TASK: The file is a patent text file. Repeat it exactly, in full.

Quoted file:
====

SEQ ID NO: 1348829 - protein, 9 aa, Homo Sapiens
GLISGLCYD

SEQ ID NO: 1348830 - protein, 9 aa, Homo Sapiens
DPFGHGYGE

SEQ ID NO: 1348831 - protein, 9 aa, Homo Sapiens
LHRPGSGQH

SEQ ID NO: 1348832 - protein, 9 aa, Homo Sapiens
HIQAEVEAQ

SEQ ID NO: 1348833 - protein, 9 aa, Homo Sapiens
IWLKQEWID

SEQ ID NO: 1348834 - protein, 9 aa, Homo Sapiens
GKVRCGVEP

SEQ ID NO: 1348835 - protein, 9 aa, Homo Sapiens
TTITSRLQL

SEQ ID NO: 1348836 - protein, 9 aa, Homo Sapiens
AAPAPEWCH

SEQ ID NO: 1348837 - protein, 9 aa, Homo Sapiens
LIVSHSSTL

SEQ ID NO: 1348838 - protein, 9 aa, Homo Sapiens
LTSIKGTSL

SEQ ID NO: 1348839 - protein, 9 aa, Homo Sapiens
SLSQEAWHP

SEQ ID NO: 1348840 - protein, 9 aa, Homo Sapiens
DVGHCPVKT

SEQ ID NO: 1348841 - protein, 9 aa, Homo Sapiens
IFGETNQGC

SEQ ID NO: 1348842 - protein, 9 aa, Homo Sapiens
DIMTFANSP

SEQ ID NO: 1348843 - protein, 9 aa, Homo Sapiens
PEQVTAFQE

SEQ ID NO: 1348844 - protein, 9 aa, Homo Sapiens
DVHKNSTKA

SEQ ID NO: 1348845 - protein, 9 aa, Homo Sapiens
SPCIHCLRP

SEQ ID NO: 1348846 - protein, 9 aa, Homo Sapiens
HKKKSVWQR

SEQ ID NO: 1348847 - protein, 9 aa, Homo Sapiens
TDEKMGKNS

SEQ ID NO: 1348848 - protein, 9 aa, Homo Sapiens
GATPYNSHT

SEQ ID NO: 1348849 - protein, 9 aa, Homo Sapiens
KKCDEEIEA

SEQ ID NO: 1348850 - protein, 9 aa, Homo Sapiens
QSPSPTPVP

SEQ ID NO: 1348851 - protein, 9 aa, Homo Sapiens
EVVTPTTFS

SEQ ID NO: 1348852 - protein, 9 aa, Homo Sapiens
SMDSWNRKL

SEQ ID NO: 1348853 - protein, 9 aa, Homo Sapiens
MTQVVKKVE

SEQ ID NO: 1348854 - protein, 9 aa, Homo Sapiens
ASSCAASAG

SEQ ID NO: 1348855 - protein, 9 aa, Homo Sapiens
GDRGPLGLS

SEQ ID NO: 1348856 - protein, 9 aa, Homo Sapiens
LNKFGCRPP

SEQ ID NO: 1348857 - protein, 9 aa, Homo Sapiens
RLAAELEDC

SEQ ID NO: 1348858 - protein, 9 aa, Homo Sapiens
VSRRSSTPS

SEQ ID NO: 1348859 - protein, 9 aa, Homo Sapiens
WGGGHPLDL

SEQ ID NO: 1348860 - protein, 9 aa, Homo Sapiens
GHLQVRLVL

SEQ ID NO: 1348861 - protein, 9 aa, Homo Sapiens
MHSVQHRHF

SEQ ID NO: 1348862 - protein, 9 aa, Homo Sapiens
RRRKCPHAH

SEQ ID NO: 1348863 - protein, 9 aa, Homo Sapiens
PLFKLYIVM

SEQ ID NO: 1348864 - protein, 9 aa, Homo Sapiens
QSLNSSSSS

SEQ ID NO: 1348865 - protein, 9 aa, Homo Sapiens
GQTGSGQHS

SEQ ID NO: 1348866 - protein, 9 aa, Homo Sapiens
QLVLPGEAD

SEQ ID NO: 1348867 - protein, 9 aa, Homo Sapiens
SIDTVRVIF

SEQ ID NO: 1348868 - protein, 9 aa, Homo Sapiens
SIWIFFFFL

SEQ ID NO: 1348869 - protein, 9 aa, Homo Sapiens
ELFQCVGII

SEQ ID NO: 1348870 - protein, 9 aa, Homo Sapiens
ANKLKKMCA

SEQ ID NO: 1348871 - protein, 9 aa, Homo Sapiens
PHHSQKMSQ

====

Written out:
SEQ ID NO: 1348829 - protein, 9 aa, Homo Sapiens
GLISGLCYD

SEQ ID NO: 1348830 - protein, 9 aa, Homo Sapiens
DPFGHGYGE

SEQ ID NO: 1348831 - protein, 9 aa, Homo Sapiens
LHRPGSGQH

SEQ ID NO: 1348832 - protein, 9 aa, Homo Sapiens
HIQAEVEAQ

SEQ ID NO: 1348833 - protein, 9 aa, Homo Sapiens
IWLKQEWID

SEQ ID NO: 1348834 - protein, 9 aa, Homo Sapiens
GKVRCGVEP

SEQ ID NO: 1348835 - protein, 9 aa, Homo Sapiens
TTITSRLQL

SEQ ID NO: 1348836 - protein, 9 aa, Homo Sapiens
AAPAPEWCH

SEQ ID NO: 1348837 - protein, 9 aa, Homo Sapiens
LIVSHSSTL

SEQ ID NO: 1348838 - protein, 9 aa, Homo Sapiens
LTSIKGTSL

SEQ ID NO: 1348839 - protein, 9 aa, Homo Sapiens
SLSQEAWHP

SEQ ID NO: 1348840 - protein, 9 aa, Homo Sapiens
DVGHCPVKT

SEQ ID NO: 1348841 - protein, 9 aa, Homo Sapiens
IFGETNQGC

SEQ ID NO: 1348842 - protein, 9 aa, Homo Sapiens
DIMTFANSP

SEQ ID NO: 1348843 - protein, 9 aa, Homo Sapiens
PEQVTAFQE

SEQ ID NO: 1348844 - protein, 9 aa, Homo Sapiens
DVHKNSTKA

SEQ ID NO: 1348845 - protein, 9 aa, Homo Sapiens
SPCIHCLRP

SEQ ID NO: 1348846 - protein, 9 aa, Homo Sapiens
HKKKSVWQR

SEQ ID NO: 1348847 - protein, 9 aa, Homo Sapiens
TDEKMGKNS

SEQ ID NO: 1348848 - protein, 9 aa, Homo Sapiens
GATPYNSHT

SEQ ID NO: 1348849 - protein, 9 aa, Homo Sapiens
KKCDEEIEA

SEQ ID NO: 1348850 - protein, 9 aa, Homo Sapiens
QSPSPTPVP

SEQ ID NO: 1348851 - protein, 9 aa, Homo Sapiens
EVVTPTTFS

SEQ ID NO: 1348852 - protein, 9 aa, Homo Sapiens
SMDSWNRKL

SEQ ID NO: 1348853 - protein, 9 aa, Homo Sapiens
MTQVVKKVE

SEQ ID NO: 1348854 - protein, 9 aa, Homo Sapiens
ASSCAASAG

SEQ ID NO: 1348855 - protein, 9 aa, Homo Sapiens
GDRGPLGLS

SEQ ID NO: 1348856 - protein, 9 aa, Homo Sapiens
LNKFGCRPP

SEQ ID NO: 1348857 - protein, 9 aa, Homo Sapiens
RLAAELEDC

SEQ ID NO: 1348858 - protein, 9 aa, Homo Sapiens
VSRRSSTPS

SEQ ID NO: 1348859 - protein, 9 aa, Homo Sapiens
WGGGHPLDL

SEQ ID NO: 1348860 - protein, 9 aa, Homo Sapiens
GHLQVRLVL

SEQ ID NO: 1348861 - protein, 9 aa, Homo Sapiens
MHSVQHRHF

SEQ ID NO: 1348862 - protein, 9 aa, Homo Sapiens
RRRKCPHAH

SEQ ID NO: 1348863 - protein, 9 aa, Homo Sapiens
PLFKLYIVM

SEQ ID NO: 1348864 - protein, 9 aa, Homo Sapiens
QSLNSSSSS

SEQ ID NO: 1348865 - protein, 9 aa, Homo Sapiens
GQTGSGQHS

SEQ ID NO: 1348866 - protein, 9 aa, Homo Sapiens
QLVLPGEAD

SEQ ID NO: 1348867 - protein, 9 aa, Homo Sapiens
SIDTVRVIF

SEQ ID NO: 1348868 - protein, 9 aa, Homo Sapiens
SIWIFFFFL

SEQ ID NO: 1348869 - protein, 9 aa, Homo Sapiens
ELFQCVGII

SEQ ID NO: 1348870 - protein, 9 aa, Homo Sapiens
ANKLKKMCA

SEQ ID NO: 1348871 - protein, 9 aa, Homo Sapiens
PHHSQKMSQ